House Majority Leader Steny Hoyer’s town tall meeting in suburban Maryland Tuesday evening dissolved into chaos, with attendees at several points bringing the event to a complete halt, according to Politico.
“We want the government out of our business!” said one person.
“This is not how the government is supposed to work!” yelled another.
According to Politico:
“The night’s most curious twist came when Collins Bailey, a Republican who serves on the Charles County Board of Education [and ran against Hoyer last year], strode to the microphone and asked Hoyer whether the health care reform effort would be paid for.
“The crowd whooped.
“Collins, how are ya?” Hoyer asked, smiling.
Hoyer went on to pledge that, yes, everything in a reform package would be paid for.”
Of course, he didn’t explain how.
Mr. Bailey is a Republican Liberty Caucus member and was endorsed by the RLC in his 2008 race. He is very eloquent and a passionate defender of individual rights and constitutionally limited government.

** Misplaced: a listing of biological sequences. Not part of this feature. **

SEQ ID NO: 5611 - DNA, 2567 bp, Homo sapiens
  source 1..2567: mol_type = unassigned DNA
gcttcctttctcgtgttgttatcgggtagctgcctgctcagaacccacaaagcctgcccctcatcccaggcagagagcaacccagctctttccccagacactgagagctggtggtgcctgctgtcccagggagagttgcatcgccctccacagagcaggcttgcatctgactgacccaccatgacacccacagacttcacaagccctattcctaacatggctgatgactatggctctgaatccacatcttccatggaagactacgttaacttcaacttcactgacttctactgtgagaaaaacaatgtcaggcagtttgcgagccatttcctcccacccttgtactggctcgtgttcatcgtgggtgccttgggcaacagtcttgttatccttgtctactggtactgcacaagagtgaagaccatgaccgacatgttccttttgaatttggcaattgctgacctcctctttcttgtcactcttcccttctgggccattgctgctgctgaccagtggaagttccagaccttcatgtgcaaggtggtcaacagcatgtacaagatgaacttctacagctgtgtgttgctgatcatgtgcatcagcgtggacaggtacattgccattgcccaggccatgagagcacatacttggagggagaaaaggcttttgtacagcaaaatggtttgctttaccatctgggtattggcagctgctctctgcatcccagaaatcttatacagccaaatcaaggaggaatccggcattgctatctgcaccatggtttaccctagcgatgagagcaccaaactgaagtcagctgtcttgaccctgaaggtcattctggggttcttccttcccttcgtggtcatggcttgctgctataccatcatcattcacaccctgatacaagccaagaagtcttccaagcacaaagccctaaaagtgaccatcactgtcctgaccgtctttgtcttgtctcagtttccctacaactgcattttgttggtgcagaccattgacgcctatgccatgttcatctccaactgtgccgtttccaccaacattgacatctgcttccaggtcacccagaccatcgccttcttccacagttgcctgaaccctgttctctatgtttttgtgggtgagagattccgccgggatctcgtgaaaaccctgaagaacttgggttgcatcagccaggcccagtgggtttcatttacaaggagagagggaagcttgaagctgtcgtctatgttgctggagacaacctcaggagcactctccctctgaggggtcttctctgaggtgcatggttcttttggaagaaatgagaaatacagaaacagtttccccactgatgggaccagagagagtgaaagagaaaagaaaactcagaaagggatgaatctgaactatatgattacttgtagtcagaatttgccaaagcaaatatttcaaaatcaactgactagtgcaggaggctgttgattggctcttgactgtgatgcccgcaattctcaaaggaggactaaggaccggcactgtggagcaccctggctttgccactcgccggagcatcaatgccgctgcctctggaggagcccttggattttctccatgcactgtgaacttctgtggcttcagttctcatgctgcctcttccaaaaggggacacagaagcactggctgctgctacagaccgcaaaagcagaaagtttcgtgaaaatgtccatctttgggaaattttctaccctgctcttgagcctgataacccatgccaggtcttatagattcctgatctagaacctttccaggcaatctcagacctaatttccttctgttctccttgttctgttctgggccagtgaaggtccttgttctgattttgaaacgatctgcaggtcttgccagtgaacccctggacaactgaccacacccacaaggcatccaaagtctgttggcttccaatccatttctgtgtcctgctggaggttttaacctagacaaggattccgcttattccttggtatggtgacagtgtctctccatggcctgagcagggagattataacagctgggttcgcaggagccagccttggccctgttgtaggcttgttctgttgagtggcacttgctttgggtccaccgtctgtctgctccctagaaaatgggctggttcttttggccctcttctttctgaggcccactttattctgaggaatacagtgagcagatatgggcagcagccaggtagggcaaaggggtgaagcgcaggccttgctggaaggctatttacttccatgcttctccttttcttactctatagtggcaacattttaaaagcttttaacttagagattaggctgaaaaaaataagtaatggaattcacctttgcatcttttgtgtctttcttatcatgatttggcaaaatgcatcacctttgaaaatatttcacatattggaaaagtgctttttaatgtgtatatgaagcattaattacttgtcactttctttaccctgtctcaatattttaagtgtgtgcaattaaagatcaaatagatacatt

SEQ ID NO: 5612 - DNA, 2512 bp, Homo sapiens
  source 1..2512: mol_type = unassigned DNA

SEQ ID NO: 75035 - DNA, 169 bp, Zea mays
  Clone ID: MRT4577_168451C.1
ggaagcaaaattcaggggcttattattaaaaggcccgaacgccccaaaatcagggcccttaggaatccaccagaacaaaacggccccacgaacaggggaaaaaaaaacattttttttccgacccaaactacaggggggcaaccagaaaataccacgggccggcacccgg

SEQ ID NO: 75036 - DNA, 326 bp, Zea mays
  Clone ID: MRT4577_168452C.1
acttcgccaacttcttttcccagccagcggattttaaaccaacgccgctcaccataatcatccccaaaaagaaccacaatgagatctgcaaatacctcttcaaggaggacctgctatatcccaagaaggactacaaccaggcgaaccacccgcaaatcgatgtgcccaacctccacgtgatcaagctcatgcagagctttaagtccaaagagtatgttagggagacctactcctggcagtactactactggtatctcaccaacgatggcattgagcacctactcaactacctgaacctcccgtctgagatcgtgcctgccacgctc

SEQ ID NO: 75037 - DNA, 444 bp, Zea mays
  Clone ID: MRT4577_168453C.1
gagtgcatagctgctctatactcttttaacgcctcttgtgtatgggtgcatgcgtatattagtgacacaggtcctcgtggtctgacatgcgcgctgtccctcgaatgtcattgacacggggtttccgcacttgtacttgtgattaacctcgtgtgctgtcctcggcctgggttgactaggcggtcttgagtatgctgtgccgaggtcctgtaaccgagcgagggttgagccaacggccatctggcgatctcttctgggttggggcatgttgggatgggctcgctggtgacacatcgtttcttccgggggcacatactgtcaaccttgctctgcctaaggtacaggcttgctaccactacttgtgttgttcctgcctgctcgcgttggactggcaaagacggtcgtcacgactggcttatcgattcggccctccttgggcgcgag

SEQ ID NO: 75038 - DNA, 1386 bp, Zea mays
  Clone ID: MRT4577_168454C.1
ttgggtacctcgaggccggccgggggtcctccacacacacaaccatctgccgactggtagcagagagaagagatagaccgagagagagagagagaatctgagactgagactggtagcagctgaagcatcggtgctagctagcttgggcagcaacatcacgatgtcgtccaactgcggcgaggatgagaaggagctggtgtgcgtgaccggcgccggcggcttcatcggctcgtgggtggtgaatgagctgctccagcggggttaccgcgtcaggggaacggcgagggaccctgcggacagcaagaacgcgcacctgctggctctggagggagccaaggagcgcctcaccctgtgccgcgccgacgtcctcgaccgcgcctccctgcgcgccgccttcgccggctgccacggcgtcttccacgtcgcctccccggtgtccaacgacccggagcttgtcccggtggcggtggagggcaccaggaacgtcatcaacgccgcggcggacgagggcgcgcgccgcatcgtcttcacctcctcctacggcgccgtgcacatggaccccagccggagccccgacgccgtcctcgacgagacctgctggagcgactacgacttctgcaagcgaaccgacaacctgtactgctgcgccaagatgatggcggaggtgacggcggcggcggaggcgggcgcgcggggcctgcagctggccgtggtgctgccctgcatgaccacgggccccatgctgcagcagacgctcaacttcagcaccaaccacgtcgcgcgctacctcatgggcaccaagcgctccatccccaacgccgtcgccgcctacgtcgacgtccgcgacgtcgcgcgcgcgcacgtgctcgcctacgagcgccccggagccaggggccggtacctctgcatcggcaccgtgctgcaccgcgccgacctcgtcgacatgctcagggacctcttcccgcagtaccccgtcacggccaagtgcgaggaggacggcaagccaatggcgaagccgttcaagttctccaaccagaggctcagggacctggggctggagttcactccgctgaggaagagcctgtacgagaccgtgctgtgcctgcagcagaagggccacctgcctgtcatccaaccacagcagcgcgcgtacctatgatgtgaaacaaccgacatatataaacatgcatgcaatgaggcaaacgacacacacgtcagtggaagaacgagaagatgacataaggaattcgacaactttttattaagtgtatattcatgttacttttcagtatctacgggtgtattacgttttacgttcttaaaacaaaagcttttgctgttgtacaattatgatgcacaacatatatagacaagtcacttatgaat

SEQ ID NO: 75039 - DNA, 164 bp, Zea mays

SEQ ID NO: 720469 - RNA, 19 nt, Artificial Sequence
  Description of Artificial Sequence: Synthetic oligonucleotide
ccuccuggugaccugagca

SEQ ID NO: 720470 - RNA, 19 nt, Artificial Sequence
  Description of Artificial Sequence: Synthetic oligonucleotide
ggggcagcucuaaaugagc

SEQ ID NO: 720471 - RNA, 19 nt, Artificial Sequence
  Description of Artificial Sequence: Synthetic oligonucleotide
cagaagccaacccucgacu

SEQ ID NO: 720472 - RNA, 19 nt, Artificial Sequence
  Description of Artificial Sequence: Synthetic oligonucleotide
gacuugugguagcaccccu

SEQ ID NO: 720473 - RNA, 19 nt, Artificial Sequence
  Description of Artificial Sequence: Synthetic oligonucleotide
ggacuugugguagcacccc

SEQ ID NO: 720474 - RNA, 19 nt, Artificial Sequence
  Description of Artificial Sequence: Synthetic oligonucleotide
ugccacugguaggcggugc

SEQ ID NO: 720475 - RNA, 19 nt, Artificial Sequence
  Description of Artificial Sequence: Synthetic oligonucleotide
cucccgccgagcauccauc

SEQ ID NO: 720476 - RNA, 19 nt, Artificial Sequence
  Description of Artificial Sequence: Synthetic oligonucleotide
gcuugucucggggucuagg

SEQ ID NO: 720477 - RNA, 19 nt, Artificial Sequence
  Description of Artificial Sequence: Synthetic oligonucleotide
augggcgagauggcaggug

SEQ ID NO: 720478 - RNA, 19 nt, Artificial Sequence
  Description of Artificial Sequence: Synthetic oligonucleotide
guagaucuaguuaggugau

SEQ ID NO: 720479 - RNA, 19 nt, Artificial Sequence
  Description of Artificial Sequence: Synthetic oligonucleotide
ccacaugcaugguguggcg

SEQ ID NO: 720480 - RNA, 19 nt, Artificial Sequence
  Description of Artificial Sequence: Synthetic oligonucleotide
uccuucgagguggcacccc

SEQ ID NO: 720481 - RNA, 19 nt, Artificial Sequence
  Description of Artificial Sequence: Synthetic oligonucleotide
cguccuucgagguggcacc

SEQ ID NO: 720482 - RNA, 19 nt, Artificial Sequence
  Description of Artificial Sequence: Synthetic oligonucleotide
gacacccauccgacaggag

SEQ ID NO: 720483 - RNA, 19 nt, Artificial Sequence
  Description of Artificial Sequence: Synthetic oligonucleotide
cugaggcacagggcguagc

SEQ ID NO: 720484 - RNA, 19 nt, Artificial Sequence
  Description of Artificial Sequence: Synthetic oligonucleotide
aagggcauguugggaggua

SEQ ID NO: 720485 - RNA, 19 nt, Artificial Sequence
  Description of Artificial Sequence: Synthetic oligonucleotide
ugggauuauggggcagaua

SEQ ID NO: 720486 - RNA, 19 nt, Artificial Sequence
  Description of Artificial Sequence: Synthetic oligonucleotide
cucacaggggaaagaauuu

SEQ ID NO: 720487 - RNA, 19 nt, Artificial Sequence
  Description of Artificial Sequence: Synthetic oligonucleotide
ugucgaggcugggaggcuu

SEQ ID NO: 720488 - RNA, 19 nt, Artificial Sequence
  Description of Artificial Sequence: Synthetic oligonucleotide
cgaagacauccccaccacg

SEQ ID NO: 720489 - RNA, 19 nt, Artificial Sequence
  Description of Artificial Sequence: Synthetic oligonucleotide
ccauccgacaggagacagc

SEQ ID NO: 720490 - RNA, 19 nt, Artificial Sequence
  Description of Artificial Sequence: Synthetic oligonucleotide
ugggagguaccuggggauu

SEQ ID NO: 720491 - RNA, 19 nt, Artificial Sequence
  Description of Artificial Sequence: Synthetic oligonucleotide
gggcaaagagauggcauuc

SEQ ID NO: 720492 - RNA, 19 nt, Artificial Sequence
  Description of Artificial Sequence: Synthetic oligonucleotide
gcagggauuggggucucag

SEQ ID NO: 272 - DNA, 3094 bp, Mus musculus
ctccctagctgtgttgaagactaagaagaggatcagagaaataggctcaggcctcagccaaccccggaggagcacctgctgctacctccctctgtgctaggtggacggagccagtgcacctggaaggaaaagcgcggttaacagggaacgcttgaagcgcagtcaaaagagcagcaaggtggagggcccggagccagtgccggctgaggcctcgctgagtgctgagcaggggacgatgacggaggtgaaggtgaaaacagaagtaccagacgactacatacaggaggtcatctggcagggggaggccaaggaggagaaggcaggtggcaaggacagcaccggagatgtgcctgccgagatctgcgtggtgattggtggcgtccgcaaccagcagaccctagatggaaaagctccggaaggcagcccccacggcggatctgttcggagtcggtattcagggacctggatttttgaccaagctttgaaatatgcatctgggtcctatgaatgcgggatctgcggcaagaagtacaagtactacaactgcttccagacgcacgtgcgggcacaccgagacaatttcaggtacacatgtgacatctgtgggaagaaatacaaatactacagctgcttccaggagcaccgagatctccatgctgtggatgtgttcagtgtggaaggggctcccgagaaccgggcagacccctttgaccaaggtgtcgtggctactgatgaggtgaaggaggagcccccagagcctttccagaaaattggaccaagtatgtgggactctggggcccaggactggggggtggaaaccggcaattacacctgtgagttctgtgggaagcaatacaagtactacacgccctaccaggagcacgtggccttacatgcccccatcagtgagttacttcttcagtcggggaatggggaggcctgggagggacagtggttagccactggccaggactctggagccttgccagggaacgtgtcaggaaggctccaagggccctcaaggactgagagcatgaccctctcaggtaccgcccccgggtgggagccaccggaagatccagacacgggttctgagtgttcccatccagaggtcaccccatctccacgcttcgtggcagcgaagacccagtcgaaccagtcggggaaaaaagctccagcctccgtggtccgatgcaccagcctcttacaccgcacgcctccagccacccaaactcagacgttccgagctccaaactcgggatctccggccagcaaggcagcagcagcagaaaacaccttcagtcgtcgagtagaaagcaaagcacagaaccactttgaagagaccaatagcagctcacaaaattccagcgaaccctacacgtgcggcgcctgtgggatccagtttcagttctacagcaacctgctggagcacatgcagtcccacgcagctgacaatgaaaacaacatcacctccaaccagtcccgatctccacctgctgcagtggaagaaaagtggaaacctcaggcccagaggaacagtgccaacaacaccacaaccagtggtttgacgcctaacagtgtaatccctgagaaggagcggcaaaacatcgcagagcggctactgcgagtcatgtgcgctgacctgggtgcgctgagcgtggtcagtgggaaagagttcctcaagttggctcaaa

This is the second time in the last two month that a RLC member in Maryland has gained attention for asking a hard-hitting question to their representatives.
In late July, RLC supporter Robert Broadus poignently questioned U.S. Senator Ben Cardin (D-MD) at his town hall. He asked, “I want to know — are you going to tell me, an individual, that I have to buy health care or you’re going to fine me $2,500?” Here’s a clip of the Broadus’s question as well as his appearance on Your World with Neil Cavuto.
“When you’re a child … you rely on your parents. If you want to get insurance, you buy it yourself,” said Broadus. “[For my family,] the economic downturn would better be spent on immediate, daily needs [than on health care],” he explained.
Bailey and Broadus provide two instances of appropriate ways for RLC supporters to ask questions at town hall meetings. Their questions — both asked in a civil manner — were difficult for the Congressmen to address.